John Kerry, in his commencement speech at Boston College this week, had this to say on
the greenhouse effect anthropological global warming climate change climate disruption climate variability the weather:
If we make the necessary efforts to address this challenge – and supposing I’m wrong or scientists are wrong, 97 percent of them all wrong – supposing they are, what’s the worst that can happen? We put millions of people to work transitioning our energy, creating new and renewable and alternative; we make life healthier because we have less particulates in the air and cleaner air and more health; we give ourselves greater security through greater energy independence – that’s the downside. This is not a matter of politics or partisanship; it’s a matter of science and stewardship. And it’s not a matter of capacity; it’s a matter of willpower.
(H/t Weekly Standard)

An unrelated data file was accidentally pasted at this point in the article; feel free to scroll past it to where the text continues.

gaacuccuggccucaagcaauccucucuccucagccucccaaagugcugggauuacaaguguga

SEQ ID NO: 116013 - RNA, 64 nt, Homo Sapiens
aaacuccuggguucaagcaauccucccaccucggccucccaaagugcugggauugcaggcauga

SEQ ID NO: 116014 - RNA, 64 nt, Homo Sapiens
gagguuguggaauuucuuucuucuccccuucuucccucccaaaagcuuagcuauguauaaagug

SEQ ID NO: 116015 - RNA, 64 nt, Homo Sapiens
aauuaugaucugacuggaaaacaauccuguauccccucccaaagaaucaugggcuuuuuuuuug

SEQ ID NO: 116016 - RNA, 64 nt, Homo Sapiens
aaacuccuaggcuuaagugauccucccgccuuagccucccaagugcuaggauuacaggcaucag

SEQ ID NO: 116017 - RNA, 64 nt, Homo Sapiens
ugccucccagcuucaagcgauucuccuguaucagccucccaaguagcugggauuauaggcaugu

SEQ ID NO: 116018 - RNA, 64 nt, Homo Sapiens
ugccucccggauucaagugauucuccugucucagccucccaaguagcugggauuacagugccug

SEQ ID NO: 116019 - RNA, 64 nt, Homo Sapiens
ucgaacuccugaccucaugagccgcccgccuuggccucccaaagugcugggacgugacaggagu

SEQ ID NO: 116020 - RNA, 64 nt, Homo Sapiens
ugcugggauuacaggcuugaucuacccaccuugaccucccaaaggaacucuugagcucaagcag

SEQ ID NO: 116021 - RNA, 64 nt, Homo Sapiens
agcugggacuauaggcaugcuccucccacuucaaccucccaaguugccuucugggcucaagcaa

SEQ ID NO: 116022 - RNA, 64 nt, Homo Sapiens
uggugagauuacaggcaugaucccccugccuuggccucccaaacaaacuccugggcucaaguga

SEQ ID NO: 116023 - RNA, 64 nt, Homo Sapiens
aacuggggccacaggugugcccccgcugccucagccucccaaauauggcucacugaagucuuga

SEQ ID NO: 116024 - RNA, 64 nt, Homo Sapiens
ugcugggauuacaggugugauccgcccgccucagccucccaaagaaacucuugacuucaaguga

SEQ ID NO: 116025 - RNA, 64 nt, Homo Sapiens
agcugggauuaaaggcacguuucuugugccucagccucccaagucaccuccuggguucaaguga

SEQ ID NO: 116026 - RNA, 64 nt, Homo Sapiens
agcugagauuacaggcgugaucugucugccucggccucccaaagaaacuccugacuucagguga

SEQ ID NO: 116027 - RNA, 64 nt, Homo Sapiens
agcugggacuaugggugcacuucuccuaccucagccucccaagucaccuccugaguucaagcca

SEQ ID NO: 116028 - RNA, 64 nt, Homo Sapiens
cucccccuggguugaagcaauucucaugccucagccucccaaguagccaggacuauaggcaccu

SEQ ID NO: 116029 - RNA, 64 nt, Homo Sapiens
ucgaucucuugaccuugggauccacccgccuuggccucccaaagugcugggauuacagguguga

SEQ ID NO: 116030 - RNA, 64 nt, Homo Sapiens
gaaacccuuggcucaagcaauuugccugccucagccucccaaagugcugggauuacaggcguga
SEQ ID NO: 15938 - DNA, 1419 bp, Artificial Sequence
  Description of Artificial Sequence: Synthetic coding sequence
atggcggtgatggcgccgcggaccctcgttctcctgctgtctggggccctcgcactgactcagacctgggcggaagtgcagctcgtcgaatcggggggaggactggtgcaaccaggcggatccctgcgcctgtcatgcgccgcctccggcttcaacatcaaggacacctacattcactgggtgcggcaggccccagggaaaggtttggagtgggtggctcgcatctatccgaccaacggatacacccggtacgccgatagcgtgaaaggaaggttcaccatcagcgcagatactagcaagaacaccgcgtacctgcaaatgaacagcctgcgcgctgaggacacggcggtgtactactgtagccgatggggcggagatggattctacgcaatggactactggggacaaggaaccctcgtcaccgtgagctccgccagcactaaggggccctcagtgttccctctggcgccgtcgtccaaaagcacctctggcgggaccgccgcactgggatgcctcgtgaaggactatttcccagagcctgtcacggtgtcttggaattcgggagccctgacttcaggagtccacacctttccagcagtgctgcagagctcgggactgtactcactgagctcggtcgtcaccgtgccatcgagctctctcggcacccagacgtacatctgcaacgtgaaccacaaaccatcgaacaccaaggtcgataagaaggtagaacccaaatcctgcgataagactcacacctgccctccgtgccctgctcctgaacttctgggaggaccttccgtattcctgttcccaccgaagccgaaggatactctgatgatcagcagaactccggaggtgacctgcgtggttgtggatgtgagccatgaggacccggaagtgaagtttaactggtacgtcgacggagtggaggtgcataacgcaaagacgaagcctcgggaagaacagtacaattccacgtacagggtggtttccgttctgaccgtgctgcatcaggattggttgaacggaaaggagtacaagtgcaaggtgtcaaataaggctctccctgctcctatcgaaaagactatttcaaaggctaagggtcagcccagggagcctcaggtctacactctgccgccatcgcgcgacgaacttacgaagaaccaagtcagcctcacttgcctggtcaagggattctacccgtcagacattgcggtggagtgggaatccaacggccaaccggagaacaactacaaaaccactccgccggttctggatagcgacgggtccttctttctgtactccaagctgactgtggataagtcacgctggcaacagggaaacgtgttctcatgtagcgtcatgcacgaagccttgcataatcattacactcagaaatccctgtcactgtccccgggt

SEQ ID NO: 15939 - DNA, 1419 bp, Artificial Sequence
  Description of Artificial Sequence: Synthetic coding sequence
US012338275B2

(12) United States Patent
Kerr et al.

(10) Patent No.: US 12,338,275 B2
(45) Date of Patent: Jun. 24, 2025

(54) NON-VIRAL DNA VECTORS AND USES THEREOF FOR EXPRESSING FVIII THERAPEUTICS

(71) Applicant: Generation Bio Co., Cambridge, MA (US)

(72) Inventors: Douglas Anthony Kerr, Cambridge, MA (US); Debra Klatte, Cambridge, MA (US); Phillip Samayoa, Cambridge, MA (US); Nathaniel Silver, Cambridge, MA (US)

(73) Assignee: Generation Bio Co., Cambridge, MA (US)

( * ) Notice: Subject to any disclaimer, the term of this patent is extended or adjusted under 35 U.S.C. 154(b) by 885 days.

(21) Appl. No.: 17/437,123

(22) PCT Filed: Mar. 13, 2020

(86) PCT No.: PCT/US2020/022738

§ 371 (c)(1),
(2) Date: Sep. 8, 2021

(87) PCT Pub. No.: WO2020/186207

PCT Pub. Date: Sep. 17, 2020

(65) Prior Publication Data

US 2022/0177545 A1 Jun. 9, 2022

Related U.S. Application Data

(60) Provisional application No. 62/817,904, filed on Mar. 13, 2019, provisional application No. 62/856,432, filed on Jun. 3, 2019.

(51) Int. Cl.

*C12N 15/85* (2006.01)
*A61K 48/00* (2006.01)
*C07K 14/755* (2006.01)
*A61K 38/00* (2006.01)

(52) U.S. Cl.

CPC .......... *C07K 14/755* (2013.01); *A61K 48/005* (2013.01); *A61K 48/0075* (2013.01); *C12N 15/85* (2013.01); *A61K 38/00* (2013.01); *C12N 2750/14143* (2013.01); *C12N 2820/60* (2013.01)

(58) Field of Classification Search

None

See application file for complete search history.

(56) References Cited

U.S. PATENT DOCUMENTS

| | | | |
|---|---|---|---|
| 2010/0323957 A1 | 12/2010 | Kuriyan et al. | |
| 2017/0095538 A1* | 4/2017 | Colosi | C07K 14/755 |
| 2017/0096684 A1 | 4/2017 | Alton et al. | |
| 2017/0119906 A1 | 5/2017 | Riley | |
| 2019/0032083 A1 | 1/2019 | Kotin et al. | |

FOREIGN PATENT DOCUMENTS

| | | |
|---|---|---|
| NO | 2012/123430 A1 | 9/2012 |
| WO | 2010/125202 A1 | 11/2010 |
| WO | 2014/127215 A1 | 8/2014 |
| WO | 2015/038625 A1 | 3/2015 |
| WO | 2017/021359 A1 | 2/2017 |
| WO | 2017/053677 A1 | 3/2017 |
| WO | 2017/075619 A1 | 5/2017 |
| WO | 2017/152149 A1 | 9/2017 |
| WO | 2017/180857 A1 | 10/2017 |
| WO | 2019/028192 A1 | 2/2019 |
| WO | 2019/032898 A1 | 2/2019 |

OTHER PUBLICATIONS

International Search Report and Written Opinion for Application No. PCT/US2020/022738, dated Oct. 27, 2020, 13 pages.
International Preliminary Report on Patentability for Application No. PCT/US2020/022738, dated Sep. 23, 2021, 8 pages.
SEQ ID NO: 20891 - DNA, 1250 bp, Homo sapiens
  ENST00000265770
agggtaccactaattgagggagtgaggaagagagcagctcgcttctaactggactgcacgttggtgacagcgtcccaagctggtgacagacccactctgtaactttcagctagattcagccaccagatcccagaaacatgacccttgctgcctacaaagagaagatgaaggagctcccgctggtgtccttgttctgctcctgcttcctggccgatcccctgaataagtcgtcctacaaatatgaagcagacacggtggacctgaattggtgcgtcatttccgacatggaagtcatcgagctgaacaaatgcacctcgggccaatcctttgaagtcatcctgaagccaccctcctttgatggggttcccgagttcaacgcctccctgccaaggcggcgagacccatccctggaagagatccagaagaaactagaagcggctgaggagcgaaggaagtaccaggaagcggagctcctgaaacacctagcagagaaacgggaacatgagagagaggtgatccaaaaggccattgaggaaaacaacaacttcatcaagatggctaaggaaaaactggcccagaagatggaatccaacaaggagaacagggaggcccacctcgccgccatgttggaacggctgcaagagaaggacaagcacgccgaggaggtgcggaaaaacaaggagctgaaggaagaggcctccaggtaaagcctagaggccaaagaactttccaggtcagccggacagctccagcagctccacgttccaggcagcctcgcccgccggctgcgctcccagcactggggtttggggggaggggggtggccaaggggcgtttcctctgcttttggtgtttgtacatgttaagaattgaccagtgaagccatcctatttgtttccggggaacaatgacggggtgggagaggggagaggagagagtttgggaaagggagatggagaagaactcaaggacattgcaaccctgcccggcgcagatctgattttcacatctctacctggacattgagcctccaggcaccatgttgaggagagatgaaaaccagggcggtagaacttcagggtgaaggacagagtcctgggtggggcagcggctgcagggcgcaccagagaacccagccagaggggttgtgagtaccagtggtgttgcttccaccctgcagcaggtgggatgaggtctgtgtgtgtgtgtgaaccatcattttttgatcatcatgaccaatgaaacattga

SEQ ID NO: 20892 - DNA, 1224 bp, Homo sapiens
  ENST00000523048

Apart from the fact that the 97% figure is, not to be too delicate, a baldfaced lie, there is a lot of harm that would be inflicted on the world’s population if world governments take action and it proves that it was a false alarm, or if whatever actions they take do not stop climate change. So much harm, in fact, that most developing nations–including the world’s worst climate offender, China–refuse to in any way limit their carbon output. Indeed, China is increasing its construction of new coal plants at a rapid pace, and India is increasing coal imports. Without cost-effective forms of energy, there can be no real economic development in these countries. As the Wall Street Journal notes succinctly,
The “worst that can happen” is that we spend trillions of dollars trying to solve a problem that we can’t do anything to stop; that we misallocate scarce resources in a way that slows economic growth; that slower growth leads to less economic opportunity for Boston College grads and especially the world’s poor, and that America and the world become much less wealthy and technologically advanced than we would otherwise. All of which would make the world less able to cope with the costs of climate change if Mr. Kerry is right.
Of course, someone like Kerry–who has never really had to work for a living and who married a ketchup heiress–would be largely unaffected by such problems, as would most of the political elite. Perhaps this is why he can see no downside to restructuring the world’s economy so that billions of people would be forever doomed to poverty.